Honoring Veterans

A memorial area honoring veterans at the entrance of the College of the Ozarks in Point Lookout, Missouri, depicts one of the characteristics of the university – to honor those in the military and those who have served in the past.

A young man salutes the US flag as he prepares to report for duty in the 1940’s.

Students and staff worked on the installation and grounds of these tributes.  Native stones were used for the walls.

Young men across American were drafted to fight in World War II.  The Greatest Generation or the GI Generation formed our country into a strong, sacrificing group of people.

The statistics from this war are staggering.  Over 60 million people were killed during WWII, which was over 3% of the world’s population at the time.  22 to 25 million of those people were soldiers, including 5 million who died in captivity as prisoners of war.  407,300 Americans soldiers were victims of this war.

This memorial recognizes and honors Veterans from all US wars, with an emphasis to those from Missouri.

This private Christian university strives to teach many life lessons to students.

Vietnam Veterans wall is divided to represent the divided country as US citizens were divided on the war, the issues, and US involvement during this time.  The red flowers symbolize the blood that was shed by the soldiers who died.

The tiles on the other side of the flowers state “All gave some, Some gave all.”

58,209 Americans died in the Vietnam War from combat and other circumstances.

A plaque from each branch of service shows their symbols.

36,534 Americans gave their lives in the Korean War.

This monument and others were generously contributed by the founder and CEO of Bass Pro Shops, Johnny Morris.

Behind the statue is the Veterans Grove.  This idea for this grove came from a trip made to Belgium when students and veterans visited Peaces Woods in Bastogne.  One student noticed the impact this memorial had on the veterans and mentioned to a professor that it would be nice if the college had something similar.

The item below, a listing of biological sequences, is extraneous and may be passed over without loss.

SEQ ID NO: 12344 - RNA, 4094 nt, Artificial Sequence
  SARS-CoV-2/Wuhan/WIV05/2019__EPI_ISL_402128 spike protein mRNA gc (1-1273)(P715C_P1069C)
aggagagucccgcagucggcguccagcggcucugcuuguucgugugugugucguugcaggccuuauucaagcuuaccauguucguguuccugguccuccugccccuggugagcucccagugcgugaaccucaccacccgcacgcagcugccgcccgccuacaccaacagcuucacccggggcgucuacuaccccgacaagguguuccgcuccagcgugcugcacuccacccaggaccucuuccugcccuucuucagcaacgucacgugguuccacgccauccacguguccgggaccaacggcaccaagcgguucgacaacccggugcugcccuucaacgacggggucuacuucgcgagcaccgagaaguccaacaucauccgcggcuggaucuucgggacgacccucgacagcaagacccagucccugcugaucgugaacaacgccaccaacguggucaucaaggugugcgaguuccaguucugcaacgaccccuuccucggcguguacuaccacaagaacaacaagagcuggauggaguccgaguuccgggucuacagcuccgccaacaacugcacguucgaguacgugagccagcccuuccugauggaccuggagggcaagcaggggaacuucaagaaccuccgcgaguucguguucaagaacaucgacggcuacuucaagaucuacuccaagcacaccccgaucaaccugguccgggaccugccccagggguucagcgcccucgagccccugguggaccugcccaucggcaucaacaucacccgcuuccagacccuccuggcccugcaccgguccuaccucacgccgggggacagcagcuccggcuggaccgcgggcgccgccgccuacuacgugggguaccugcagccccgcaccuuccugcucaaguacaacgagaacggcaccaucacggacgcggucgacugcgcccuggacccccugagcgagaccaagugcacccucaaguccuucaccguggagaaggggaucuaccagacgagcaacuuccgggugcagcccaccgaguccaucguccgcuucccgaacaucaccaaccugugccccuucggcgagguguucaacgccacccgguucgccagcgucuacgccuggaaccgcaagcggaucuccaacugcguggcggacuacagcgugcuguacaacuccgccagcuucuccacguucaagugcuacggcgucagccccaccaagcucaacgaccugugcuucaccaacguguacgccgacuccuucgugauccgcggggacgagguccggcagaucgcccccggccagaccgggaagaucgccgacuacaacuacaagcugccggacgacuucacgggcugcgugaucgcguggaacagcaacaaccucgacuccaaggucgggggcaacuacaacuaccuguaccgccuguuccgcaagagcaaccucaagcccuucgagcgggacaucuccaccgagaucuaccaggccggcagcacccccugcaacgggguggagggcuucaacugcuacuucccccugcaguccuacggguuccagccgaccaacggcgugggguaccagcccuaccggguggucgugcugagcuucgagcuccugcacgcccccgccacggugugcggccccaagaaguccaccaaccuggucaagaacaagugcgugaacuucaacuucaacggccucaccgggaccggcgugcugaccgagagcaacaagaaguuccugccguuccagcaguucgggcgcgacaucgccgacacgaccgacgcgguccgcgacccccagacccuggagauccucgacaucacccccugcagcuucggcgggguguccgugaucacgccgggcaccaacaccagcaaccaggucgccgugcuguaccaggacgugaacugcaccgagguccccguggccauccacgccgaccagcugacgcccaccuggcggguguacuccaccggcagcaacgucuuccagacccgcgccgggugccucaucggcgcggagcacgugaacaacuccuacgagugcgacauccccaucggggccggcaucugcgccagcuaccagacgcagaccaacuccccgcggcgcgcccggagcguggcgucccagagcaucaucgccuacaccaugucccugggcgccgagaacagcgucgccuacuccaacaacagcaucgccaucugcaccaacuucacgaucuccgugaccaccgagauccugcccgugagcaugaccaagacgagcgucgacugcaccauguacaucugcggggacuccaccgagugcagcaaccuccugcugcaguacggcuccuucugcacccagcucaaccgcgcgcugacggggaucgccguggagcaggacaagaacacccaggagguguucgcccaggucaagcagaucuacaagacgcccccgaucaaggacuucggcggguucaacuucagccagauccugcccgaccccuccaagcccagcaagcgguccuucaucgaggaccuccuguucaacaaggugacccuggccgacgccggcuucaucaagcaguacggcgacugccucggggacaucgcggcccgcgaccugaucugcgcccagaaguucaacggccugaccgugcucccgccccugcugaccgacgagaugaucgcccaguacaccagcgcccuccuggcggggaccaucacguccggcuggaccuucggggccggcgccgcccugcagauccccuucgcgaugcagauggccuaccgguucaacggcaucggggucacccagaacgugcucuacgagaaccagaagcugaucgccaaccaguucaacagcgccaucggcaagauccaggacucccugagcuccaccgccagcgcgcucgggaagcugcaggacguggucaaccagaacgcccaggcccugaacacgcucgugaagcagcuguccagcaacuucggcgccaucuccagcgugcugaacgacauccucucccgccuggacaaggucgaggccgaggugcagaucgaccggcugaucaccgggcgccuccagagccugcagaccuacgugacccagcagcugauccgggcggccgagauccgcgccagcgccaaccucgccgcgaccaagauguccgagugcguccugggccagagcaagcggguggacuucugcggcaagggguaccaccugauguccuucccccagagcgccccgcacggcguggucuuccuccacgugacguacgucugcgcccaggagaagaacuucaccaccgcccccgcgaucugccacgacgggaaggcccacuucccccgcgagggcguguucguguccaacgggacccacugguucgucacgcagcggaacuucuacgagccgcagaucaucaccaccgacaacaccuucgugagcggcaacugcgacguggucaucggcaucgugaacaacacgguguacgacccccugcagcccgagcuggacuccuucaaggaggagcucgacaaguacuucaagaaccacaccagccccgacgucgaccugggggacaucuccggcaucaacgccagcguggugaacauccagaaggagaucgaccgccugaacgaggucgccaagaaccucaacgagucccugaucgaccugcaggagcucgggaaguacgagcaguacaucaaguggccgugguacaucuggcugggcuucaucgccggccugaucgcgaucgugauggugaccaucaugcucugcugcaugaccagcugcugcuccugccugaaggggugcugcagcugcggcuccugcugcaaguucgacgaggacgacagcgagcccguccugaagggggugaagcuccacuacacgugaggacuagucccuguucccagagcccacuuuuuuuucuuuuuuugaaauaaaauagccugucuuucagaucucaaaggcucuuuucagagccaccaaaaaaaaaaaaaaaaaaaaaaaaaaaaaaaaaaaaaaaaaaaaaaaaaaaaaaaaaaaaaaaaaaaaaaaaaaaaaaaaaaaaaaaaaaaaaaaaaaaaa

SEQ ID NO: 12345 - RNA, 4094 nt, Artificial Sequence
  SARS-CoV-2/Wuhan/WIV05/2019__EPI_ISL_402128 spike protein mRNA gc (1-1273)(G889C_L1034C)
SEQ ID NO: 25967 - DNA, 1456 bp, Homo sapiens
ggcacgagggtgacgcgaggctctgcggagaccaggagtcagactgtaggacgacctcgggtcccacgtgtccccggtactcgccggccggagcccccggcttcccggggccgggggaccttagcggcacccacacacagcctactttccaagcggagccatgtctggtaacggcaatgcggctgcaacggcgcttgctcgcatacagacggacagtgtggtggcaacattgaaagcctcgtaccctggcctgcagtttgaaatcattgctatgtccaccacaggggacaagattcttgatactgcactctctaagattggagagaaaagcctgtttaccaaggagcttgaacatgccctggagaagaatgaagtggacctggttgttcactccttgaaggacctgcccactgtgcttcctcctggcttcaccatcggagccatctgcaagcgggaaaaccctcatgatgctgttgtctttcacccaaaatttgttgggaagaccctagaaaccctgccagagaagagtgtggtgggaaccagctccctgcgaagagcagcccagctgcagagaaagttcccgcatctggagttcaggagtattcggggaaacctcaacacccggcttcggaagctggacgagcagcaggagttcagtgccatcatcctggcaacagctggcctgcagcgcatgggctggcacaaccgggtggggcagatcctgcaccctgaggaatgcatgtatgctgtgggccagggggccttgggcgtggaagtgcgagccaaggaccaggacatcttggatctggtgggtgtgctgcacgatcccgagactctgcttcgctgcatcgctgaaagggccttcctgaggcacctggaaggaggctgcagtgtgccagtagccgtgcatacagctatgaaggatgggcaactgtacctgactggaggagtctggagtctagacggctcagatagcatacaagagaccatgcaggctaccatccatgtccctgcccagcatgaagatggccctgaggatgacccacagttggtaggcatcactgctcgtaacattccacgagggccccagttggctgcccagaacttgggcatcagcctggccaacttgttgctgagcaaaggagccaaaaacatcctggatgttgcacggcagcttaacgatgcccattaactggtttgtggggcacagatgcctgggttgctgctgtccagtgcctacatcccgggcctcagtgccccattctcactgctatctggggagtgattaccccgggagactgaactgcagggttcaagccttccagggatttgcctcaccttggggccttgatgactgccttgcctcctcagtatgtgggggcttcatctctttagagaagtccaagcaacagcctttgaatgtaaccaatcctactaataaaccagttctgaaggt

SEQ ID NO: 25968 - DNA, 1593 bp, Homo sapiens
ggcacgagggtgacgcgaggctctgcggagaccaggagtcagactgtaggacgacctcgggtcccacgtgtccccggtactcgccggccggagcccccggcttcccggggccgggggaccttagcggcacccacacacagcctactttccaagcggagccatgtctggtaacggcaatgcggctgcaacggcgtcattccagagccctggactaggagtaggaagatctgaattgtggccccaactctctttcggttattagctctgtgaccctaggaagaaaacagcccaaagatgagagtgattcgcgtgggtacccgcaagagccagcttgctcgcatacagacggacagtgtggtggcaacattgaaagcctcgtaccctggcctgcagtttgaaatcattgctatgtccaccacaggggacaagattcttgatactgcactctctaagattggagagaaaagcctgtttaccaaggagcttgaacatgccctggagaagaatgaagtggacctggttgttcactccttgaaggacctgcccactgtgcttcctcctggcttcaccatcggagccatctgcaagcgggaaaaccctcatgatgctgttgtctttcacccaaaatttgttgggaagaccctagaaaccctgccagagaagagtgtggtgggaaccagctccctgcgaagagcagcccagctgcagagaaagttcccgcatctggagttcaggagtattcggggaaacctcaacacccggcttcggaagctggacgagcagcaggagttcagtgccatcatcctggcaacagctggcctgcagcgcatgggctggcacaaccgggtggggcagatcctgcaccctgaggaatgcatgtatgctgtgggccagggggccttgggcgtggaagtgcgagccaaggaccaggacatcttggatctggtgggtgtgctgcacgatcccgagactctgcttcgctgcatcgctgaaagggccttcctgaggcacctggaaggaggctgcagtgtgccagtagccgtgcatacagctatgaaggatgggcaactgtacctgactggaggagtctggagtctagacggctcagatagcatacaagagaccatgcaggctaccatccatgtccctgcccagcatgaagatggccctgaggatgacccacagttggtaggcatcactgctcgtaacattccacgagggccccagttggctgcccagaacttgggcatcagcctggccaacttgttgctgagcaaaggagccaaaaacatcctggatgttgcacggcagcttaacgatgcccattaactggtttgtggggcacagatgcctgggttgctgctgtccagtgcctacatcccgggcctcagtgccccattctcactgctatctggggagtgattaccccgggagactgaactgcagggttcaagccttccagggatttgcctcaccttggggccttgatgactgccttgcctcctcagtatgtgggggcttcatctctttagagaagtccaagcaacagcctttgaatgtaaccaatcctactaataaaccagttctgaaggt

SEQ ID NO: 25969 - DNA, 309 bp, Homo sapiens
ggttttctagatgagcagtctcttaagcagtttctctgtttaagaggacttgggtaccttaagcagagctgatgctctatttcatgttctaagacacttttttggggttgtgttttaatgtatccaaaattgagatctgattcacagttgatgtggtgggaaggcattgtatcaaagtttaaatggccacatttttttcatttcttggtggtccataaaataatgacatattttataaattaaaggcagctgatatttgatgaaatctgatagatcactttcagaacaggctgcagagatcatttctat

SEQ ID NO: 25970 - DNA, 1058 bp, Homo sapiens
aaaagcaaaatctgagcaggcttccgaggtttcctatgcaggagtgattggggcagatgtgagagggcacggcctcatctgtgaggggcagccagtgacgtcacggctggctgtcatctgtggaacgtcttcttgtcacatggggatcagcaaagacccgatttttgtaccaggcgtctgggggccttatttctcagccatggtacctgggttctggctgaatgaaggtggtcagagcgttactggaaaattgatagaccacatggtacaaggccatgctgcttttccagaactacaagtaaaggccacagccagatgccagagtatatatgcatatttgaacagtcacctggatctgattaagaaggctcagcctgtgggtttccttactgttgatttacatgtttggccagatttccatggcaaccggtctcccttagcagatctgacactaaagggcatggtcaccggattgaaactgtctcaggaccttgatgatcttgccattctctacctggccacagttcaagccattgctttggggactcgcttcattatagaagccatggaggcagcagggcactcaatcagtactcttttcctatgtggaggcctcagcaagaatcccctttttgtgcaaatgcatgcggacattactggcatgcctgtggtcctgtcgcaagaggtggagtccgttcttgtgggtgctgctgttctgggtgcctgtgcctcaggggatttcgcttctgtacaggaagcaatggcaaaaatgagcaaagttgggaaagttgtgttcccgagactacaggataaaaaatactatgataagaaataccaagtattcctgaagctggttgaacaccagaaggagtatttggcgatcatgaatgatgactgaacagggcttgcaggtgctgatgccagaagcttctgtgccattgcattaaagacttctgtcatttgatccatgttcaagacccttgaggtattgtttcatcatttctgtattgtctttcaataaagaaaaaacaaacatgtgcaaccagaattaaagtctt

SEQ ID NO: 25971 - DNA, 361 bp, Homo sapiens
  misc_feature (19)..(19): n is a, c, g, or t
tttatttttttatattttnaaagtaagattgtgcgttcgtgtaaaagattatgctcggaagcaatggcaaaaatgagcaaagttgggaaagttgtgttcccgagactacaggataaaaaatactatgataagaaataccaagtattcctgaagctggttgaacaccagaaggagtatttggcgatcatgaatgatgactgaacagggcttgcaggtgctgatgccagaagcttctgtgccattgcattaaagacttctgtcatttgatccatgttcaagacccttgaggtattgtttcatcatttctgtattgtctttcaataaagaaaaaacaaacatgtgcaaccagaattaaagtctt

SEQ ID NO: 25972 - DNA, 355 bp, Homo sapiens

Each veteran from the trip was honored with the planting of a Sugar Maple, which is aligned with others to create the same unique pattern of the marble crosses at the American cemeteries in Europe.  Next to each tree is a bronze marker with a veteran’s name.

Can’t remember which war this statue recognizes.  I think it’s Vietnam.

Global War on Terrorism recognizes all modern soldiers who have served to fight those who want to destroy Americans and our freedoms.

Missouri Gold Star Families Memorial preserves the memories of the fallen, the families who lost them, and is a stark reminder that freedom is not free.

If you’re ever in this area, this memorial is well worth the time.  The figures given for each of the wars came from the internet, so I hope they are correct.

The next blog will focus on the university campus.

Thank you to every person serving in our military at this present time and to the living veterans, who live with the horrific memories of your service.

“In peace, sons bury their fathers.  In war, fathers bury their sons.”  unknown

2 thoughts on “Honoring Veterans

  1. Thanks for sharing these reminders of those who fought so that we might be free!
    One of my uncles fought in WW 2. There were six boys in the family with one girl in the middle. I remember going with Daddy to pick up my uncle the day he arrived back in Cookeville. Two of Daddy’s brothers were married and living on their own farms. The rest stayed on the dairy farm to make a living for the rest of the family.

    • Hi, this memorial was well done, and it was emotional to be reminded of all the sacrifices. My dad served but wouldn’t talk about it.

      Hope all’s well with you. The cold weather moved in early this year. Our lo has been 20 lately and the highs in the 30’s.
      Wanda

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